You're being a simp, and you're acting in a way that is deserving of dismissal. Worse than that, you're now attempting to put me in the rhetorical position of defending PRISM and extrajudicial killings.

"Stop that" or "fuck you." Your choice.

Your whole word salad up there is an attempt to dance away from the fact that you offhandedly argued that a despot's power grab and the government sanction of clandestine warfare are equivalent. Putin had 300 Russians killed in order to start a war in order to consolidate power in order to crush the nascent democratic movement in Yeltsin's Russia and return power to the KGB/FSB. Doing this whole COINTELPRO dance of the seven veils may allow you to say that death is death and cruelty is cruelty and as a pacifist we're all morally inferior to you but no. Evil is not an absolute.

user-inactivated  ·  2623 days ago  ·  link  ·  

You know, I've been sitting and thinking here, and I really can't help but think you're very much in the wrong. Putin has a history of doing fucked up shit to consolidate and maintain power for him. America has a history of doing fucked up shit to consolidate and maintain power for America. They're different, but the same. Both are immoral. Both are selfish. Both create victims and enemies. Both of them create road maps for other people/organizations to try the same.

Tell me how they're different. Tell me how we have the high ground. Tell me how what we're doing isn't dangerous and wrong. Defend PRISM if you can. Defend extra judicial killings and puppet governments and propoganda.

I'm a complacent citizen in a first world country and my comfort and safety comes at the cost of the suffering of others and I am not okay with that. So tell it to me. Counter my idealism with your real world cynicism and make it a good, hard sell, cause quite frankly, I don't have much interest in buying anything here.

user-inactivated  ·  2623 days ago  ·  link  ·  

    Tell me how we have the high ground.

It's much easier to accept one person being in the wrong than a whole national government apparatus. You can blame one person because one person is obviously capable of nefarious acts, more so when you don't like that person. It's hard to blame a whole authoritative institution when you want to like it.

kb's trying to put it to make it look like the side is either right or wrong. I can give you a couple of first-hand examples of how Putin isn't an evil dictator (which is solely what kb implies), and I don't have to dig very hard to find you examples of the ill-doings the US government sanctioned. Vice versa works just as well. The world is more complex, which he fails to admit, for some reason. Dig at that reason, and something tells me you'll be able to push the issue forward - if His Majesty shall allow it, of course.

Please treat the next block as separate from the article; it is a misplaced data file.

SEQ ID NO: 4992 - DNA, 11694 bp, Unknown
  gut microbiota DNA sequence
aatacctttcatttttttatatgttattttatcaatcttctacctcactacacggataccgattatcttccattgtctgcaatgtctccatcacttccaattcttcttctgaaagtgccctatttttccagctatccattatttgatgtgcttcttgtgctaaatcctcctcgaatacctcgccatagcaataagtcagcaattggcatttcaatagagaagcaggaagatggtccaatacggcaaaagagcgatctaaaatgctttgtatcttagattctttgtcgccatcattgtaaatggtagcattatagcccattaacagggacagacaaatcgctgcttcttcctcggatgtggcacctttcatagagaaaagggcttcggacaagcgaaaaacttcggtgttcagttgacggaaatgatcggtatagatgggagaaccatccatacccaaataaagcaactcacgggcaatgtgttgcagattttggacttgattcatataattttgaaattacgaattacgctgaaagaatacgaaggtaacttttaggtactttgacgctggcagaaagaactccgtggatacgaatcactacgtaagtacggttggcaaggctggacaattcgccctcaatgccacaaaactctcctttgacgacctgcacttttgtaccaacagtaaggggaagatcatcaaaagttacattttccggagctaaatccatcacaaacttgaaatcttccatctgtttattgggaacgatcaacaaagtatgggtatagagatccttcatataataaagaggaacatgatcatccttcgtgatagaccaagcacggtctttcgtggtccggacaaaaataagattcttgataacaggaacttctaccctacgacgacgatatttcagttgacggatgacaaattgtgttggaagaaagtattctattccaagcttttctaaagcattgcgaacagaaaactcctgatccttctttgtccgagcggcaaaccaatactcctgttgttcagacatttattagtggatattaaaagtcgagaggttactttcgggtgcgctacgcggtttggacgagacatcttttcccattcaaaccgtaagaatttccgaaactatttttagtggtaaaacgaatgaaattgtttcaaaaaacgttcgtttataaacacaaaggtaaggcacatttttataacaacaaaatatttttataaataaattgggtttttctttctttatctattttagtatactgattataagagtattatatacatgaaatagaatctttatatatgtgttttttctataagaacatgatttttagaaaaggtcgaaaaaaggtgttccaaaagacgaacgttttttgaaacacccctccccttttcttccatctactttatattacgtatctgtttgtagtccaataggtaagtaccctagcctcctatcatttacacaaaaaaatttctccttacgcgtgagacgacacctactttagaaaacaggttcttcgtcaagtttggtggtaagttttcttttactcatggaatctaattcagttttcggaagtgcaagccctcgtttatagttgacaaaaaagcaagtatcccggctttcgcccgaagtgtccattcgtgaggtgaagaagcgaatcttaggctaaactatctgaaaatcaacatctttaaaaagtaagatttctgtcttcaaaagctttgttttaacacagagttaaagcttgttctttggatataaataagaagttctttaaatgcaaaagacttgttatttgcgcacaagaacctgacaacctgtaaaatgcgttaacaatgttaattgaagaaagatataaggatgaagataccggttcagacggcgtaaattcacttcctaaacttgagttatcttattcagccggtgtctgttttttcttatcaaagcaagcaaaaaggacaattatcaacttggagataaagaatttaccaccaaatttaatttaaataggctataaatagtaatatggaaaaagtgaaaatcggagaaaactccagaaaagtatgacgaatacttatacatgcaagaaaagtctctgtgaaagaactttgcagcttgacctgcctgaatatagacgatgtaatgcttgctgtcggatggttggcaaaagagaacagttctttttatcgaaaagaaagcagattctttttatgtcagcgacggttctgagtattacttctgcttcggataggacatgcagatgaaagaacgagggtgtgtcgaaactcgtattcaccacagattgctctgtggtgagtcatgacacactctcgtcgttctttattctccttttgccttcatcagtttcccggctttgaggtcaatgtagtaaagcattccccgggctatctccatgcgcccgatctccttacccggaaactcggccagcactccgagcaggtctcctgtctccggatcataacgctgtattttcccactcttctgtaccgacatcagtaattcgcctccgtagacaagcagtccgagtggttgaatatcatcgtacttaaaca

Don't listen to cynics telling you to stop with that silly idealism. They think that just because it didn't work for them, it can't work for you, and your persistence reminds them of your own resilience in the face of moral struggles - something they've lost a long time ago.

I don't know if it means much, but I'm with you. The US government has done a lot of good for its citizens, and it has done a lot of bad to them and to others. The Russian government has done a lot of good for its citizens, and it has done a lot of bad to them and to others. A lot of the good and the bad was sanctioned by the presidents of the two countries. As long as kb admits that both parties (or, all parties) can be wrong and right at the same time on different issues, there may be a conversation to be had; not otherwise.

kleinbl00  ·  2623 days ago  ·  link  ·  

    You know, I've been sitting and thinking here, and I really can't help but think you're very much in the wrong.

That much was obvious from the get-go.

    Putin has a history of doing fucked up shit to consolidate and maintain power for him. America has a history of doing fucked up shit to consolidate and maintain power for America. They're different, but the same.

Truth does not appear through repetition.

    Both are immoral.

And as we all know, there are two moral states in the world: 100% moral and 100% immoral.

    Both are selfish.

And as we all know, there is pure selflessness and there is pure self-interest and nothing in between.

    Both create victims and enemies.

And as we all know, the victim of a murder has been just as injured as the victim of a shoplifting. My distaste for Tom Brady is 100% equivalent to my distaste for Rodrigo Duterte.

    Both of them create road maps for other people/organizations to try the same.

Yes. It is a well-proven fact that those who smoke marijuana immediately begin freebasing cocaine.

    Tell me how they're different.